A new USA National Institute for Occupational Safety and Health (NIOSH) study, published in the Journal of Occupational and Environmental Hygiene, found that recommended safe handling practices for workers who administer antineoplastic drugs in healthcare settings are not always followed. The toxicity of antineoplastic drugs is well documented. Many are known or suspected human carcinogens where no safe exposure level exists.
Results are derived from the 2011 Health and Safety Practices Survey of Healthcare Workers, the largest federally-sponsored web survey of healthcare workers in the USA, which addresses safety and health practices relative to use of hazardous chemicals. This paper presents findings on current administrative and engineering control practices, personal protective equipment, and barriers to using recommended personal protective equipment during administration of antineoplastic drugs by oncology nurses and other healthcare personnel who completed a module addressing antineoplastic drug administration.
All respondents who indicated that they administered antineoplastic drugs in the past week were eligible to complete a hazard module addressing self-reported health and safety practices on this topic. Most (98%) of the 2069 respondents of this module were nurses. Working primarily in hospitals, outpatient care centers, and physician offices, respondents reported that they had collectively administered over 90 specific antineoplastic drugs in the past week.
“Chemotherapy drugs save lives of cancer patients but also can result in adverse health outcomes in workers who are exposed to these drugs, including cancer, reproductive problems, and organ damage when recommended safe handling guidelines are not followed,” said NIOSH Director, Dr John Howard in an accompanied press release. “Safeguarding healthcare workers from potential occupational hazards is an essential part of providing good jobs for these dedicated women and men, and furthering high-quality patient care.”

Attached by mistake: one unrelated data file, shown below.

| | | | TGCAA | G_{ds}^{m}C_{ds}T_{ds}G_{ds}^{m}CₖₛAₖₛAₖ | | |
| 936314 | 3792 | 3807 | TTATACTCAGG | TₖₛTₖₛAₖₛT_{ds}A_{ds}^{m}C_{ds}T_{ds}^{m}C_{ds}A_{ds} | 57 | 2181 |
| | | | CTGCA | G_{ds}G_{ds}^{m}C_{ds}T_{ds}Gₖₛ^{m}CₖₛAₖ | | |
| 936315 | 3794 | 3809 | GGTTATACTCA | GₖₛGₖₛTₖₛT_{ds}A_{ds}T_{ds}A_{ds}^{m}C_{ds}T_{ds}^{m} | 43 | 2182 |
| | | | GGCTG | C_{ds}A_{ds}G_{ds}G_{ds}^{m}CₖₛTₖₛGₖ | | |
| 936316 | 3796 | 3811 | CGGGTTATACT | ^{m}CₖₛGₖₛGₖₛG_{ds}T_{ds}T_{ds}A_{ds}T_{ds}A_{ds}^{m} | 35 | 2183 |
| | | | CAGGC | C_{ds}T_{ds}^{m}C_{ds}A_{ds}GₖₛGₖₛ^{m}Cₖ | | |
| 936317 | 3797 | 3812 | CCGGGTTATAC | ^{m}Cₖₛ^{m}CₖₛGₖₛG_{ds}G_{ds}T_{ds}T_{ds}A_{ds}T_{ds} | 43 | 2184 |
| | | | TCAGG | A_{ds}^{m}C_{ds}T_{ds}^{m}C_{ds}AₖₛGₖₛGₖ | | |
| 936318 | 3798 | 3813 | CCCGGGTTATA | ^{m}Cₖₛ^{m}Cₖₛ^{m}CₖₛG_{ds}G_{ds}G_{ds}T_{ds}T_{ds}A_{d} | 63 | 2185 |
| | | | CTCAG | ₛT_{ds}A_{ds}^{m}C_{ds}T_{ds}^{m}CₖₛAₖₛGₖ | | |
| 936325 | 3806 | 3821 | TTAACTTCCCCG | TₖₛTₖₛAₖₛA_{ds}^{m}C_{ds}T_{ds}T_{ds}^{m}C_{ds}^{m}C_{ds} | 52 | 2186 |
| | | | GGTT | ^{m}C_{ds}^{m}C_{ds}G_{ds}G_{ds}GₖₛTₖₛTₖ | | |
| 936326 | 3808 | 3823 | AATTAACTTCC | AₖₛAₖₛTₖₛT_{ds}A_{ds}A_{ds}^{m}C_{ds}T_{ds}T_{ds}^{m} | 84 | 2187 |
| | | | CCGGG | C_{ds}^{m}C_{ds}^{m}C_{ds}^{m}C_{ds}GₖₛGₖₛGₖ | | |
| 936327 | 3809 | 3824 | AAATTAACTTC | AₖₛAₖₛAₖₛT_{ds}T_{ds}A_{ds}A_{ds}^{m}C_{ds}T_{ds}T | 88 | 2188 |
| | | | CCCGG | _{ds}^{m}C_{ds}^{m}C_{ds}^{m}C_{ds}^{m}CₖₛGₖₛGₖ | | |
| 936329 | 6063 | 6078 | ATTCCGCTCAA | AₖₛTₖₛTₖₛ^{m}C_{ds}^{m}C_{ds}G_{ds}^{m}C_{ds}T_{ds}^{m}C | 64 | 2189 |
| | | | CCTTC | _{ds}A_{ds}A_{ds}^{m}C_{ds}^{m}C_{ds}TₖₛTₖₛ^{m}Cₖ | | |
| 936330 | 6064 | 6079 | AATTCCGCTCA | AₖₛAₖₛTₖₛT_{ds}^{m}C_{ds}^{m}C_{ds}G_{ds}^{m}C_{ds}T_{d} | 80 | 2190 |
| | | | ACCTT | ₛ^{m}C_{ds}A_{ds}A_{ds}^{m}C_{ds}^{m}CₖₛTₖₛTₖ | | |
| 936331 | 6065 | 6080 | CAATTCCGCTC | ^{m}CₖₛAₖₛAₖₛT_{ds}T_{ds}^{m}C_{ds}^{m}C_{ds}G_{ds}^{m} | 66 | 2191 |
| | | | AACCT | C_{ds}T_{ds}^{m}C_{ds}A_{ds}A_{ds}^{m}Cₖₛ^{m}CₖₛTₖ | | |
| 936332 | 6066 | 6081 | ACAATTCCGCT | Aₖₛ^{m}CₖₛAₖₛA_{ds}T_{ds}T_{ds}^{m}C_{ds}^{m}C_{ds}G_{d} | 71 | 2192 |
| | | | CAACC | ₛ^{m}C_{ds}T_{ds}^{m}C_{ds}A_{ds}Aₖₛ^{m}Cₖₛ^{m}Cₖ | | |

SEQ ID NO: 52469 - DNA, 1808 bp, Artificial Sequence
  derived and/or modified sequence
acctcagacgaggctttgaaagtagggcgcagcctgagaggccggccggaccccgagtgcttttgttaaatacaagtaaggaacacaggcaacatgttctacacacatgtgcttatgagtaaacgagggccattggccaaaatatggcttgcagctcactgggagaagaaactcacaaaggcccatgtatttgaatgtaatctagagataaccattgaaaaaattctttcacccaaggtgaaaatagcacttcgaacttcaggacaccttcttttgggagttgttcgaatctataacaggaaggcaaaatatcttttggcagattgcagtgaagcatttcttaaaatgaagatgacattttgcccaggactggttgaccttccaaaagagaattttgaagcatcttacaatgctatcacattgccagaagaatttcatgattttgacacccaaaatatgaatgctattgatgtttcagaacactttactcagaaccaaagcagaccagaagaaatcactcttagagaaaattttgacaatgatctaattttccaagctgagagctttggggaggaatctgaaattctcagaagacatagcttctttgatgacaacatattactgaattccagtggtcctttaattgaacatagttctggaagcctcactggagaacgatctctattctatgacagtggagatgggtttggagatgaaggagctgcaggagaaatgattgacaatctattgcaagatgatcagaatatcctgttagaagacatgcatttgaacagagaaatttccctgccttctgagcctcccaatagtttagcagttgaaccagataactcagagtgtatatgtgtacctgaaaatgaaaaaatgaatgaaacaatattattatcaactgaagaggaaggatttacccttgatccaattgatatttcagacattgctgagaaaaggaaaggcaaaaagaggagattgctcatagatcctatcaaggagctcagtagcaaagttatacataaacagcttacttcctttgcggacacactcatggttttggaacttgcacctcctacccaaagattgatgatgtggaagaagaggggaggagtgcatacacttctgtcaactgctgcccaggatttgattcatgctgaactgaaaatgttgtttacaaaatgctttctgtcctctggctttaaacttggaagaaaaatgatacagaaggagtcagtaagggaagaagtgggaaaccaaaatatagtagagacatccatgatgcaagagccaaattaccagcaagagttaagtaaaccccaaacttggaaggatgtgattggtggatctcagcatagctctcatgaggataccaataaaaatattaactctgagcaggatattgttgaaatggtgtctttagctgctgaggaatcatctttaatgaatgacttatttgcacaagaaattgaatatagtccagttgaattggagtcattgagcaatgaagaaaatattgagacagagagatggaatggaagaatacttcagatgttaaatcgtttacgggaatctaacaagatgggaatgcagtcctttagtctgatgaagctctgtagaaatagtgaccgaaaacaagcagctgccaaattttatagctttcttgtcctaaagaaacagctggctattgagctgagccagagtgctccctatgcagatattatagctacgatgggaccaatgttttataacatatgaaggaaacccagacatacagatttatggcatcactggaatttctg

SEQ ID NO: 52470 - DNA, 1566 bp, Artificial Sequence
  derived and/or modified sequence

Findings suggest that best practices are not always used. Below are examples of practices that may increase exposure risk, expressed as percentage of respondents:
- Not always wearing two pairs of chemotherapy gloves (80%) or not even a single pair (15%).
- Failure to always wear non-absorbent gown with closed front and tight-fitting cuffs (42%).
- Intravenous tubing primed with antineoplastic drug instead of a non-drug containing liquid by the respondent (6%) or by the pharmacy department (12%).
- Potentially contaminated clothing taken home (12%).
- Spill or leak of antineoplastic drug during administration (12%).
- Lack of hazard awareness training (4%).
- Skin contact with antineoplastic drug (4%).
Authoritative guidelines developed by professional practice organisations and federal agencies for the safe handling of these hazardous drugs have been available for nearly three decades. However, recommended exposure controls were not always used, underscoring the importance of training and education for employers and workers. According to NIOSH, this is highly noteworthy considering that there is no safe level of exposure to cancer-causing agents. Reported barriers to using personal protective equipment suggest that there is a perception that exposures are inconsequential or so rare that employers or workers feel personal protective equipment use is not justified.
The researchers conclude that better risk communication is needed to ensure that employers and employees are fully aware of the hazards and the availability of precautionary measures to minimise exposures. Commitment from all levels in the healthcare organisation is essential to adequately protect workers from one of the most toxic classes of chemical agents used in healthcare.
Boiano JM, Steege AL, Sweeney MH. Adherence to Safe Handling Guidelines by Health Care Workers Who Administer Antineoplastic Drugs. Journal of Occupational and Environmental Hygiene 2014; 11(11):728-740.